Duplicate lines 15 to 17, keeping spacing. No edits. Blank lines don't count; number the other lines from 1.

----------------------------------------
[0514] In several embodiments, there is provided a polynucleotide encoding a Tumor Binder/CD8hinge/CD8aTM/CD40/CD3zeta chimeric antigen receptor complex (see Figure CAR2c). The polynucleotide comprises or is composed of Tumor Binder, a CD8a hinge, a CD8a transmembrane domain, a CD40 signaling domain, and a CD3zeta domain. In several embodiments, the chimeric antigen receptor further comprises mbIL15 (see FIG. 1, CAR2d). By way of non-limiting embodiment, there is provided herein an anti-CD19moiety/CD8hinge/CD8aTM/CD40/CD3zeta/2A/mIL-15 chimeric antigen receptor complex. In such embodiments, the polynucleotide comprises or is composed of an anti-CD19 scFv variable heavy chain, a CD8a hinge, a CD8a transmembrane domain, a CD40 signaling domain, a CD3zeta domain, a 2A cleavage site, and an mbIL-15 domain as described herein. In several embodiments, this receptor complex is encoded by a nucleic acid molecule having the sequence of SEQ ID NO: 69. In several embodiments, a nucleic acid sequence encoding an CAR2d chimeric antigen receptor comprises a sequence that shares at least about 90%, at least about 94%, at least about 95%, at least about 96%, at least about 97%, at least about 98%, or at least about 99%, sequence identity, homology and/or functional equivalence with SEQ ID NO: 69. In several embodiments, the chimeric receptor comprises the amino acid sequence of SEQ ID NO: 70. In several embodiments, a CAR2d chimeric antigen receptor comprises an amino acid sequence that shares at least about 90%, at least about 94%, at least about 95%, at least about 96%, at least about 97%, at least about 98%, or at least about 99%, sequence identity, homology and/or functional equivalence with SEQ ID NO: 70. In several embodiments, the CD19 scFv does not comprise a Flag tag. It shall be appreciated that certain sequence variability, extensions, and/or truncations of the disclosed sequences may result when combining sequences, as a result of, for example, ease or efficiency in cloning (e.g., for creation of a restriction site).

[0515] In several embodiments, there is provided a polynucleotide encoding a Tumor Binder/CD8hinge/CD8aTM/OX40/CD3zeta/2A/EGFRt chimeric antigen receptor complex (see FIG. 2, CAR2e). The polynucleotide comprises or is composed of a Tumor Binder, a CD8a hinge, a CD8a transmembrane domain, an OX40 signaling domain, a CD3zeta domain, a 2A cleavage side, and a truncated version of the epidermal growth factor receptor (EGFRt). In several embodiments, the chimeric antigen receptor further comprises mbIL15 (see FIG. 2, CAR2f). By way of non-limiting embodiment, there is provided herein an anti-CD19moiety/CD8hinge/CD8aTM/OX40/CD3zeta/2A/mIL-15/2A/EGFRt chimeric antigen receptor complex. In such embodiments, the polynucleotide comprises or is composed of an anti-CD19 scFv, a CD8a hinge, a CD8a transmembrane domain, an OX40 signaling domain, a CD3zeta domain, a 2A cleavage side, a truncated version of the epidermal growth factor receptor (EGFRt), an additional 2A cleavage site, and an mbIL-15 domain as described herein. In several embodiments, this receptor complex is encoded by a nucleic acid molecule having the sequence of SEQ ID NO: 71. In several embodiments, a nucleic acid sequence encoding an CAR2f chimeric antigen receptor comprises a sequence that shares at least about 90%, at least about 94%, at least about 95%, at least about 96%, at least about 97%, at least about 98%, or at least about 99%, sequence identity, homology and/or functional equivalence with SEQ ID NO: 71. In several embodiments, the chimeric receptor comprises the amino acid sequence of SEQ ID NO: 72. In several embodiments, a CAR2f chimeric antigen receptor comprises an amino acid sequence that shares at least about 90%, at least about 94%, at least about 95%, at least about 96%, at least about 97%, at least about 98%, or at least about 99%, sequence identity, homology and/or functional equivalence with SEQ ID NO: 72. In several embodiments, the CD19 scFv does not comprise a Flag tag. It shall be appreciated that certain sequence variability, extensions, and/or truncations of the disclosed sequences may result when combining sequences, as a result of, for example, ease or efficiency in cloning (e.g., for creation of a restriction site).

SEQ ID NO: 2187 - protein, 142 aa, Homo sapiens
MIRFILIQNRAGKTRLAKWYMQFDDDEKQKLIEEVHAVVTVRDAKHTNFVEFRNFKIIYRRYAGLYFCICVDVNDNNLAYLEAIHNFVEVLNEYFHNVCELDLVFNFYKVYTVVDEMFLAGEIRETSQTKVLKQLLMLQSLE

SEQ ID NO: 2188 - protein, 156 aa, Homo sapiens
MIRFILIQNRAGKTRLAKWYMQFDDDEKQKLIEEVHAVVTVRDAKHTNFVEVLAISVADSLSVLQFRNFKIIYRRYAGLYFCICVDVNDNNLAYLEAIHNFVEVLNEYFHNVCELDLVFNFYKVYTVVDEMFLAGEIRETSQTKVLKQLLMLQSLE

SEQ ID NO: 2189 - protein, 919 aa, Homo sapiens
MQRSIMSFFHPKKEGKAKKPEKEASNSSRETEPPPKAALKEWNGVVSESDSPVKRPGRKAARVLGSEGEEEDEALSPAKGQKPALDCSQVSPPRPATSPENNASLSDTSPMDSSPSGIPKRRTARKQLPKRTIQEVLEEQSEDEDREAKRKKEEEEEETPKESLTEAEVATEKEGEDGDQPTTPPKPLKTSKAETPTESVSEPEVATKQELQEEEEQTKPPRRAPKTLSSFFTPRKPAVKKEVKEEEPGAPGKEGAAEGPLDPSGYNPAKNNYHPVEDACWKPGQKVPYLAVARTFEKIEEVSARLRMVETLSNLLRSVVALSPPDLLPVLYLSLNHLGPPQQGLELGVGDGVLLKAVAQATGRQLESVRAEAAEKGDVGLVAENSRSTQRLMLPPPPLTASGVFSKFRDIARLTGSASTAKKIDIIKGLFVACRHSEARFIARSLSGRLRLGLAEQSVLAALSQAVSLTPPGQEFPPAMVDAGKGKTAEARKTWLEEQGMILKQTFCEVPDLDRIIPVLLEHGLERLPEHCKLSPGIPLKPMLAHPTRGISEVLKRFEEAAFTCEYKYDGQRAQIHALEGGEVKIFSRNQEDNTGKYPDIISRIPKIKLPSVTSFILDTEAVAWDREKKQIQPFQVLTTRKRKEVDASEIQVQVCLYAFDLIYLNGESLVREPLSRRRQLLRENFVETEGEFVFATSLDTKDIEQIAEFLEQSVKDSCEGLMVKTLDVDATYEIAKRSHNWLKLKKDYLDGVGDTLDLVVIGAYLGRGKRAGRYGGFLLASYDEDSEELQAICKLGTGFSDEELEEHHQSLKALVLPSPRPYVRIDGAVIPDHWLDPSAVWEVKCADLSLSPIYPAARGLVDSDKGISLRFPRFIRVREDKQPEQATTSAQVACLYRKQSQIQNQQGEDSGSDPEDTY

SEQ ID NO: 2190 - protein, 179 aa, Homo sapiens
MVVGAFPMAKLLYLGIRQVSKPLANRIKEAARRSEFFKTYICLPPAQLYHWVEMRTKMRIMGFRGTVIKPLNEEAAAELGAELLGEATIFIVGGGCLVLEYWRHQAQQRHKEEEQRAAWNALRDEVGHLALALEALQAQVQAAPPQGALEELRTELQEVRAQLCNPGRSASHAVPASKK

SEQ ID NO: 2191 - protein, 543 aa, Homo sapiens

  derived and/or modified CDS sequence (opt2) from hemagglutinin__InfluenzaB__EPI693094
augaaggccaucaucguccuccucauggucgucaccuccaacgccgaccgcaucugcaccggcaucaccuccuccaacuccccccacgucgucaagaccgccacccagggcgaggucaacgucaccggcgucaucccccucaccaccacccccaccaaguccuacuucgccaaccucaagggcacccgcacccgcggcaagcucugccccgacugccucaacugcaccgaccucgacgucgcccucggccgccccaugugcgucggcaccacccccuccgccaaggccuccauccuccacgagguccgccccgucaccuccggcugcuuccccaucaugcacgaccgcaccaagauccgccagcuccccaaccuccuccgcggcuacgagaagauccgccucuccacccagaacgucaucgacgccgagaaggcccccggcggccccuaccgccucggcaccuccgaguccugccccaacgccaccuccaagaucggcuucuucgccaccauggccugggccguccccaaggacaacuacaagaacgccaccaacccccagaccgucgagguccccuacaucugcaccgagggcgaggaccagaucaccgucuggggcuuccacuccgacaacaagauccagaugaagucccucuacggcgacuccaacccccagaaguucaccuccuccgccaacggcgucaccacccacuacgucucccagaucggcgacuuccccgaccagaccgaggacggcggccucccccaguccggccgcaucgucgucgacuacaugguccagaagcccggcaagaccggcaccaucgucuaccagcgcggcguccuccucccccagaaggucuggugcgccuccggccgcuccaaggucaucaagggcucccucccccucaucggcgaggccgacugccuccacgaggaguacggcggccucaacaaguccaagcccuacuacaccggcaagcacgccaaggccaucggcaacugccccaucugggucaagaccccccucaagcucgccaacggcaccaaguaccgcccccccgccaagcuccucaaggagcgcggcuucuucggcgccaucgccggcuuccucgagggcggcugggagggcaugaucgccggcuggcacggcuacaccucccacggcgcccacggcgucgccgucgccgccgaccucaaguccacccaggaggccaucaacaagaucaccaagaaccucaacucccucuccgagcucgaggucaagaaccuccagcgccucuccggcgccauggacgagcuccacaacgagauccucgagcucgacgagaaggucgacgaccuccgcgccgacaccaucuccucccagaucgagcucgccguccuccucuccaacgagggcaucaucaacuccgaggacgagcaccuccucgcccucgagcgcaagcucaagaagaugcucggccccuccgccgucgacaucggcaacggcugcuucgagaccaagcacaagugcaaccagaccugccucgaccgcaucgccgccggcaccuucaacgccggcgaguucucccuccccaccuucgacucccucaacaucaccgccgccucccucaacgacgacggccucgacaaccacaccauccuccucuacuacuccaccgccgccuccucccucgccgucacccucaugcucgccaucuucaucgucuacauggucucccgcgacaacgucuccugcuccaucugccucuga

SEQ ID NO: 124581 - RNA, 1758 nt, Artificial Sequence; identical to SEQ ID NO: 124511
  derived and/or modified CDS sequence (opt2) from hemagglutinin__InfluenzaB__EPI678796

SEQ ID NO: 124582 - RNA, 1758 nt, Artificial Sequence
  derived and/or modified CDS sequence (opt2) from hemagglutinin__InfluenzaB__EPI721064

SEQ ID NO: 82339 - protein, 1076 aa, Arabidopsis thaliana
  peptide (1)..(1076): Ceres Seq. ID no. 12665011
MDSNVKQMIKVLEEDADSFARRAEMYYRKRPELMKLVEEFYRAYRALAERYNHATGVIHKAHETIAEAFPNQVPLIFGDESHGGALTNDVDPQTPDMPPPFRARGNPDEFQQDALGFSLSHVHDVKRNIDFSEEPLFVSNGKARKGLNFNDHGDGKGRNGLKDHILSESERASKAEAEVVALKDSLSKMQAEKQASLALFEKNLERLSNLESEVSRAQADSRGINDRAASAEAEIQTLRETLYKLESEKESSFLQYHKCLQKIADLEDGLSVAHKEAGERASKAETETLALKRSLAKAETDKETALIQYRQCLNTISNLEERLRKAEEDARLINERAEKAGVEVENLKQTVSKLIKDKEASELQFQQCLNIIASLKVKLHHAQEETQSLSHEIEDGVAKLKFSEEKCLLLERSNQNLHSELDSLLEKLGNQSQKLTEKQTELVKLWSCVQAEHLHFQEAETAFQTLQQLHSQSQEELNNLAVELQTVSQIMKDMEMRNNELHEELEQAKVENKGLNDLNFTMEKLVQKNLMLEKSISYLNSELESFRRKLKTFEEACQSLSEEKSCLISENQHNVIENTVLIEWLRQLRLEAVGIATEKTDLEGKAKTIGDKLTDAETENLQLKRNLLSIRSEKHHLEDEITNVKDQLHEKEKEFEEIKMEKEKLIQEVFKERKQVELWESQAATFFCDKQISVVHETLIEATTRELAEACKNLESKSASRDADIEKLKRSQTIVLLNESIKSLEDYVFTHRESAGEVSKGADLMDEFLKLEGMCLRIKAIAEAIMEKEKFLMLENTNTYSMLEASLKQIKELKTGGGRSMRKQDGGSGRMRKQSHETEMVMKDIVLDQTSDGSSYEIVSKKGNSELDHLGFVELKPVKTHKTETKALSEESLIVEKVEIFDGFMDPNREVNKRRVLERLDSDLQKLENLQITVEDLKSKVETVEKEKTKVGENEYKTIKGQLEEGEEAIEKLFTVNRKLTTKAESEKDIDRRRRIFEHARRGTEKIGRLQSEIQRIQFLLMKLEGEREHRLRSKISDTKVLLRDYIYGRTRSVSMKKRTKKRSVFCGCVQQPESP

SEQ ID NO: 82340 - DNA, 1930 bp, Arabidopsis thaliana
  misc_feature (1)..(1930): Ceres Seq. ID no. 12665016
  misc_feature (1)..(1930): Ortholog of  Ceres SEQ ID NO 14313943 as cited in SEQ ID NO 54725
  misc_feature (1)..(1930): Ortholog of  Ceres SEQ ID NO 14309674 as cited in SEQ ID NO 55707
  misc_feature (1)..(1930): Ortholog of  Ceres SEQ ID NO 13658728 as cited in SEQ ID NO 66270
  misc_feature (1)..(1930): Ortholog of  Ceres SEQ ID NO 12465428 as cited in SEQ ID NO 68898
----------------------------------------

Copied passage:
  derived and/or modified CDS sequence (opt2) from hemagglutinin__InfluenzaB__EPI678796

SEQ ID NO: 124582 - RNA, 1758 nt, Artificial Sequence
  derived and/or modified CDS sequence (opt2) from hemagglutinin__InfluenzaB__EPI721064